Then there is the subject of performing from memory. I understand why performers want to. It was pounded into us as youngsters that we needed to memorize our concerti; one did not use the music. I suppose it’s still expected for the standard solo repertoire, but the days are long over when everything has to be memorized. Especially for contemporary music or premieres. This goes for conductors too. May I suggest that, unless you really, really know the piece cold, it would be better for all concerned if you used the music? If you go out there without it, and have a serious memory slip, the audience is going to remember the memory slip more than anything else. But if you use the score and give a tremendous performance, they are only going to remember that it was fantastic. They aren’t even going to think about whether or not you used music. No loss of face in that at all. I have witnessed moments of private terror, and have even, at times, offered a score to someone who clearly wasn’t prepared to do the work from memory. Do yourself a favor. Take it next time!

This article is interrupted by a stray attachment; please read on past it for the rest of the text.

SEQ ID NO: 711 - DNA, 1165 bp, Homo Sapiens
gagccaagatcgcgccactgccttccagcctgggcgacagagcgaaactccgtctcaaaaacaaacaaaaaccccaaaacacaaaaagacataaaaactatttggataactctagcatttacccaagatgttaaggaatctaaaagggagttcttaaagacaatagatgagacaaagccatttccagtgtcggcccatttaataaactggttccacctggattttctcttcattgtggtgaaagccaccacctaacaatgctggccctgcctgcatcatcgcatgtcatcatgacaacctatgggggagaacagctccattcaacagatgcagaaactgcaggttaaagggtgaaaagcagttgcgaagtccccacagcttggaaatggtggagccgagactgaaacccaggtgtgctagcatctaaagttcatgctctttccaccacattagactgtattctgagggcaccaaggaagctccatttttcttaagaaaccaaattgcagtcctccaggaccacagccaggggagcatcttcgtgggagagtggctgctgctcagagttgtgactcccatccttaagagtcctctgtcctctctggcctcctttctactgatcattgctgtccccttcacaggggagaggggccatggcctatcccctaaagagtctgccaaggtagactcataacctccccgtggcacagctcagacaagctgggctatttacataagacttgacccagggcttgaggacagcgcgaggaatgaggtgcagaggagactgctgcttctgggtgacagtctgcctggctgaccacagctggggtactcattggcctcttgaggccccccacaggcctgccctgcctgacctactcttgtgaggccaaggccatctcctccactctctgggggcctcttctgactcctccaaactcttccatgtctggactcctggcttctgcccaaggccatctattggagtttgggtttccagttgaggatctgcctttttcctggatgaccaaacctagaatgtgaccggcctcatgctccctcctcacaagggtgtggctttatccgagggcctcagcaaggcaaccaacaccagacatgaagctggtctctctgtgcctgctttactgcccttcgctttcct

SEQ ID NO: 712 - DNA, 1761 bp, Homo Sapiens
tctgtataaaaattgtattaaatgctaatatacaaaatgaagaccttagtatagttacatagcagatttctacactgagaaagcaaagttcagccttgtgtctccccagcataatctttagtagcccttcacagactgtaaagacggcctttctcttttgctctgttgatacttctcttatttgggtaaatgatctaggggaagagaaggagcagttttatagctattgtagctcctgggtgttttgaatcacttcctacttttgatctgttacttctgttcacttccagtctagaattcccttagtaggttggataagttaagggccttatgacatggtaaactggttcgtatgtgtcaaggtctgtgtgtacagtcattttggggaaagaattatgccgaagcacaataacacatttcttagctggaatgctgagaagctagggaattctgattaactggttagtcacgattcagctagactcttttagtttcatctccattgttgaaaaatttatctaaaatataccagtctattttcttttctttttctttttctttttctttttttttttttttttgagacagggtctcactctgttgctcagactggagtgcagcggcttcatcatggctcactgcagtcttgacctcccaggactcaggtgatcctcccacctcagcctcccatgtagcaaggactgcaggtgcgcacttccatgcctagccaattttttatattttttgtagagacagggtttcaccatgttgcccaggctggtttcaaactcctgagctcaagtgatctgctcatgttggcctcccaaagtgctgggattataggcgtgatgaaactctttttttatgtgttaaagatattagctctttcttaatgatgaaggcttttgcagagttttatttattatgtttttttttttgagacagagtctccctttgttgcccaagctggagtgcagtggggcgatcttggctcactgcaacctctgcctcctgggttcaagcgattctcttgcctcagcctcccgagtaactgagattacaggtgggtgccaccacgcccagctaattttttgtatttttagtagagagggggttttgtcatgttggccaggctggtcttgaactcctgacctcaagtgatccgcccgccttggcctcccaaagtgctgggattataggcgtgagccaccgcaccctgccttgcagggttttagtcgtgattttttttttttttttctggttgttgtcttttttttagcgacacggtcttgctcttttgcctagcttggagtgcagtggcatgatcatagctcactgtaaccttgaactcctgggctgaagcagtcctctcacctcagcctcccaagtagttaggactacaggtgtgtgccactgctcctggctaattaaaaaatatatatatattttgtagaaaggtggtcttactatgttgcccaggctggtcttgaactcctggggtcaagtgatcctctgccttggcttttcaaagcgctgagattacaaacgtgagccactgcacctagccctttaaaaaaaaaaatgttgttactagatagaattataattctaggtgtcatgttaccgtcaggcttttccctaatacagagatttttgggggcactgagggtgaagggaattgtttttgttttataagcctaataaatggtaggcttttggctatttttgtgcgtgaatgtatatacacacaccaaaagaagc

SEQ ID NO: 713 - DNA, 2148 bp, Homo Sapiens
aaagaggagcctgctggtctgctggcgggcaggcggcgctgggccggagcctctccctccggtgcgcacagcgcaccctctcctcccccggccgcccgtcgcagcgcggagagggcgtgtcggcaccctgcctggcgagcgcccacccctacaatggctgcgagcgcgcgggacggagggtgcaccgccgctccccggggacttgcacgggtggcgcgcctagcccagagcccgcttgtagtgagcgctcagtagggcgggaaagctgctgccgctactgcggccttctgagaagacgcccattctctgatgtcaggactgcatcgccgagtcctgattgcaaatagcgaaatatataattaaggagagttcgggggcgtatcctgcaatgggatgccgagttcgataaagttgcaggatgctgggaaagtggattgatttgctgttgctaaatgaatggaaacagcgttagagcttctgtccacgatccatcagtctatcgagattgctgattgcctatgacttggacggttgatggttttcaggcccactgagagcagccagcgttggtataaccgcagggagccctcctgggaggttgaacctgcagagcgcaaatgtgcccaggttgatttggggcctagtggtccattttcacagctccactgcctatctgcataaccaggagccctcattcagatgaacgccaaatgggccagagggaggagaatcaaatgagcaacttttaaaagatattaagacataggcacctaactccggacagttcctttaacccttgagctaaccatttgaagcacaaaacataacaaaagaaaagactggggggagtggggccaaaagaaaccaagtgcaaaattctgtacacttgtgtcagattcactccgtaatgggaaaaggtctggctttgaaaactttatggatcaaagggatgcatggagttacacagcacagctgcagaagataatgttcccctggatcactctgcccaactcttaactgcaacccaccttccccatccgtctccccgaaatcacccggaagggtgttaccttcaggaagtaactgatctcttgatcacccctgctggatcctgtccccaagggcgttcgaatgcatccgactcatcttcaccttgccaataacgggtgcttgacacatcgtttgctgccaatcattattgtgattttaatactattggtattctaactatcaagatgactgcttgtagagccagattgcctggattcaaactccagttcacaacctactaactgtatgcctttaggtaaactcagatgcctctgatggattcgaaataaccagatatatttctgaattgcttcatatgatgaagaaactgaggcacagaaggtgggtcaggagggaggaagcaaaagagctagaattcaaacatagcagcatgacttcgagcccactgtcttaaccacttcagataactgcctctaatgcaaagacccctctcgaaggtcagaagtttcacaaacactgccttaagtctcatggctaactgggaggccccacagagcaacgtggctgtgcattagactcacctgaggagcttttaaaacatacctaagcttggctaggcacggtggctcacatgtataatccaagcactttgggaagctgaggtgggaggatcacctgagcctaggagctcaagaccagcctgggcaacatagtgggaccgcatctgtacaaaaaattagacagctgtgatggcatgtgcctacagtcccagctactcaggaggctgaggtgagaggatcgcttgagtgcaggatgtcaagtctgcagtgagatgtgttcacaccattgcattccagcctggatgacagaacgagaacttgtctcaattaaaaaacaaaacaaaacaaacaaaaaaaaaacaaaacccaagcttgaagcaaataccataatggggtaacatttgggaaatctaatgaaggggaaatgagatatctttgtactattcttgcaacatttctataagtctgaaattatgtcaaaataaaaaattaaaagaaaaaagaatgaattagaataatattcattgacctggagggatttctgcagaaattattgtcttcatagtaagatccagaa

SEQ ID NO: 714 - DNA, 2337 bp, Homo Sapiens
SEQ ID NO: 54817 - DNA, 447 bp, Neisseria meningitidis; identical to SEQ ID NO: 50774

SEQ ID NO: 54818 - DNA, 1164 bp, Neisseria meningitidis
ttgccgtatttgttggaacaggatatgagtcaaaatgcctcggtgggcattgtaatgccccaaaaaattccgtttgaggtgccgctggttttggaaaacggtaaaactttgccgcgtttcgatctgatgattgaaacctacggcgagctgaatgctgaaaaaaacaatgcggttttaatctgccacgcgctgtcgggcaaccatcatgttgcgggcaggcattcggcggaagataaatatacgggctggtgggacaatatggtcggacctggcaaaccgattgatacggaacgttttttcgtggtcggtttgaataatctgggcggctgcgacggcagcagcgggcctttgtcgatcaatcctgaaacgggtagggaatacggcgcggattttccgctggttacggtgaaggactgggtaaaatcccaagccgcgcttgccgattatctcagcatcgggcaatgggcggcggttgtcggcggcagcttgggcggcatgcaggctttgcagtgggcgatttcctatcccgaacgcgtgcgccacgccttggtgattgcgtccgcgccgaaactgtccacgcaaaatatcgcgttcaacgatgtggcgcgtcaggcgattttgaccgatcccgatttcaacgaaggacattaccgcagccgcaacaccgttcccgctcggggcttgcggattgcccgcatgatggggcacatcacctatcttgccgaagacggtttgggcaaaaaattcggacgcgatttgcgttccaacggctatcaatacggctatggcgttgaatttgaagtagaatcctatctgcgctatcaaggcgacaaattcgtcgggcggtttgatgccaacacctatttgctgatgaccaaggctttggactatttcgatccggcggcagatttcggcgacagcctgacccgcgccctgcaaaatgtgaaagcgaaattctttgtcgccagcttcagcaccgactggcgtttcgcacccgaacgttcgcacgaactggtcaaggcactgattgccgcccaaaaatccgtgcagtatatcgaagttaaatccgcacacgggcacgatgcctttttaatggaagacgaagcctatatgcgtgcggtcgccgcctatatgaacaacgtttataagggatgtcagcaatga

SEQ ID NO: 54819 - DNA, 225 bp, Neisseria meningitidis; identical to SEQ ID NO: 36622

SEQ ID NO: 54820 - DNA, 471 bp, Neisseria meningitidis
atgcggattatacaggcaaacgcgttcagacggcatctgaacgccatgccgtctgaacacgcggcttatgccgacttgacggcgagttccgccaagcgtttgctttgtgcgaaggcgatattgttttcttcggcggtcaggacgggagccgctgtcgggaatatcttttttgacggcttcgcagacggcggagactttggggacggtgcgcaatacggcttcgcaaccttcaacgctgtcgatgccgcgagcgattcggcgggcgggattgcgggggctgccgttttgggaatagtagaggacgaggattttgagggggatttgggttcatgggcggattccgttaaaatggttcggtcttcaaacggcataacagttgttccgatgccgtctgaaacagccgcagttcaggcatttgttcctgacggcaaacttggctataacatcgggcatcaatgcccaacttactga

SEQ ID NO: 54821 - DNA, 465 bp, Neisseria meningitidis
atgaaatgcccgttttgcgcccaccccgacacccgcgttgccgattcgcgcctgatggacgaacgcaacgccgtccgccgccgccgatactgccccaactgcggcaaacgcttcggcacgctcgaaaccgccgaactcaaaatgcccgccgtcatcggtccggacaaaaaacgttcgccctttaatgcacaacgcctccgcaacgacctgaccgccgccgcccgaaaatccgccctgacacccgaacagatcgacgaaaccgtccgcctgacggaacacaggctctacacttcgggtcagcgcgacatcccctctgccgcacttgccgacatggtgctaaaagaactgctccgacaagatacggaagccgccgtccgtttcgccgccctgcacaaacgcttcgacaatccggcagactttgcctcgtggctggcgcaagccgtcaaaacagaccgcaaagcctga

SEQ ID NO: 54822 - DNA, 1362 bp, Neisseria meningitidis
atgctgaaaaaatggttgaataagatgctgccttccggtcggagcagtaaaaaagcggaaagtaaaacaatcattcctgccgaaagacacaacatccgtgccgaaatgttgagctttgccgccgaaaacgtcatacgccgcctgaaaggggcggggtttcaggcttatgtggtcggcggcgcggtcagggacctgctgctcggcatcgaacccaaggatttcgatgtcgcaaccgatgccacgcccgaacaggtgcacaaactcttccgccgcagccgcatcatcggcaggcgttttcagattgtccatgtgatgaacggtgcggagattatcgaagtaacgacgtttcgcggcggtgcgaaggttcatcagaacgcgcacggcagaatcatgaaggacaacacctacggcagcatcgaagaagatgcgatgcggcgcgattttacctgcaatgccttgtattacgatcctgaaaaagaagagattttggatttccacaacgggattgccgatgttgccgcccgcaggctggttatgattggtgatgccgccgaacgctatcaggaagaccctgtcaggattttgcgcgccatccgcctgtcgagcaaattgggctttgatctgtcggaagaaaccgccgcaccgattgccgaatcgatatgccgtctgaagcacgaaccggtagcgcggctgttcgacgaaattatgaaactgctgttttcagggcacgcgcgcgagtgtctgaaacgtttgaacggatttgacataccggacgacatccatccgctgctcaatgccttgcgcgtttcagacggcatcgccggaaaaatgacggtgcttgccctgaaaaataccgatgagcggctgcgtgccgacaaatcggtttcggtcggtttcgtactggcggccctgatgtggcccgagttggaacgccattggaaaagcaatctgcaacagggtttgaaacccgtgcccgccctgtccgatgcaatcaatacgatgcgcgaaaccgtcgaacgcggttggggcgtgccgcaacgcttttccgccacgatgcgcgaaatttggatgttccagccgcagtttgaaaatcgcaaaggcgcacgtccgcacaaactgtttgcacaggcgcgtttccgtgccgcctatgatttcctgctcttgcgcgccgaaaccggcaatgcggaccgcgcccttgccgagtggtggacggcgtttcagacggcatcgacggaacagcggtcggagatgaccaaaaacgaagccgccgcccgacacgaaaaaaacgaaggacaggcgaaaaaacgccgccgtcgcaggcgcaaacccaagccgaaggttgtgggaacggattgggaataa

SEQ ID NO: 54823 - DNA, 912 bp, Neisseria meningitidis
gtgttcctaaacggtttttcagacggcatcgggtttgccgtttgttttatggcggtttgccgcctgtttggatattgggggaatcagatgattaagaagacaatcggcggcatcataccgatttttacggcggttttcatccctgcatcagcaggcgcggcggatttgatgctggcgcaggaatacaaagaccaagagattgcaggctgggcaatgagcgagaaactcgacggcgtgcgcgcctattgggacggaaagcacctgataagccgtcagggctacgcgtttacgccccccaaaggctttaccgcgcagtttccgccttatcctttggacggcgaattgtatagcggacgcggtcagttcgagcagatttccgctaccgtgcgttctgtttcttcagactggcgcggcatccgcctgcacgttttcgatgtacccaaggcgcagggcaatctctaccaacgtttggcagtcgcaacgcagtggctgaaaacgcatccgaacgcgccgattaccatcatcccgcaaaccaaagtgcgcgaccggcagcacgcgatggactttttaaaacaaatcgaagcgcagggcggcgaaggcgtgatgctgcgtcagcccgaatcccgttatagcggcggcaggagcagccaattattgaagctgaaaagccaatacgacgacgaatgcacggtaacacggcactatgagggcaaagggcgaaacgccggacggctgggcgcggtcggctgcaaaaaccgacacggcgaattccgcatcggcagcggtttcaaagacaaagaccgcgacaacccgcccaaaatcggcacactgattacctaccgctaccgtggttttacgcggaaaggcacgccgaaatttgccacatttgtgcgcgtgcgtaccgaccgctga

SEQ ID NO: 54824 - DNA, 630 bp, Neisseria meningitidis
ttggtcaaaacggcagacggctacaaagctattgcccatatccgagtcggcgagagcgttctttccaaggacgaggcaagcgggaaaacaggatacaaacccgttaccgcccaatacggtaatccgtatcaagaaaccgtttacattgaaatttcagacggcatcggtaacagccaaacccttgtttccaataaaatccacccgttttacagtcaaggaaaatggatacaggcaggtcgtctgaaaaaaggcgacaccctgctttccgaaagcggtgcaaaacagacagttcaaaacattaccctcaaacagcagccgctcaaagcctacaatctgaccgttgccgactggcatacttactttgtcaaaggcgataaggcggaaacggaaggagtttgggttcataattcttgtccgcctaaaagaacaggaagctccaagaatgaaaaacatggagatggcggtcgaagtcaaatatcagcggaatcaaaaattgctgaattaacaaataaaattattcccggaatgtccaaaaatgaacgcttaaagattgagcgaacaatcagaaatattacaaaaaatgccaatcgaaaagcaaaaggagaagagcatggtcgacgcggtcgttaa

So, there’s your little slice of backstage life for today. Very glamorous, indeed, eh?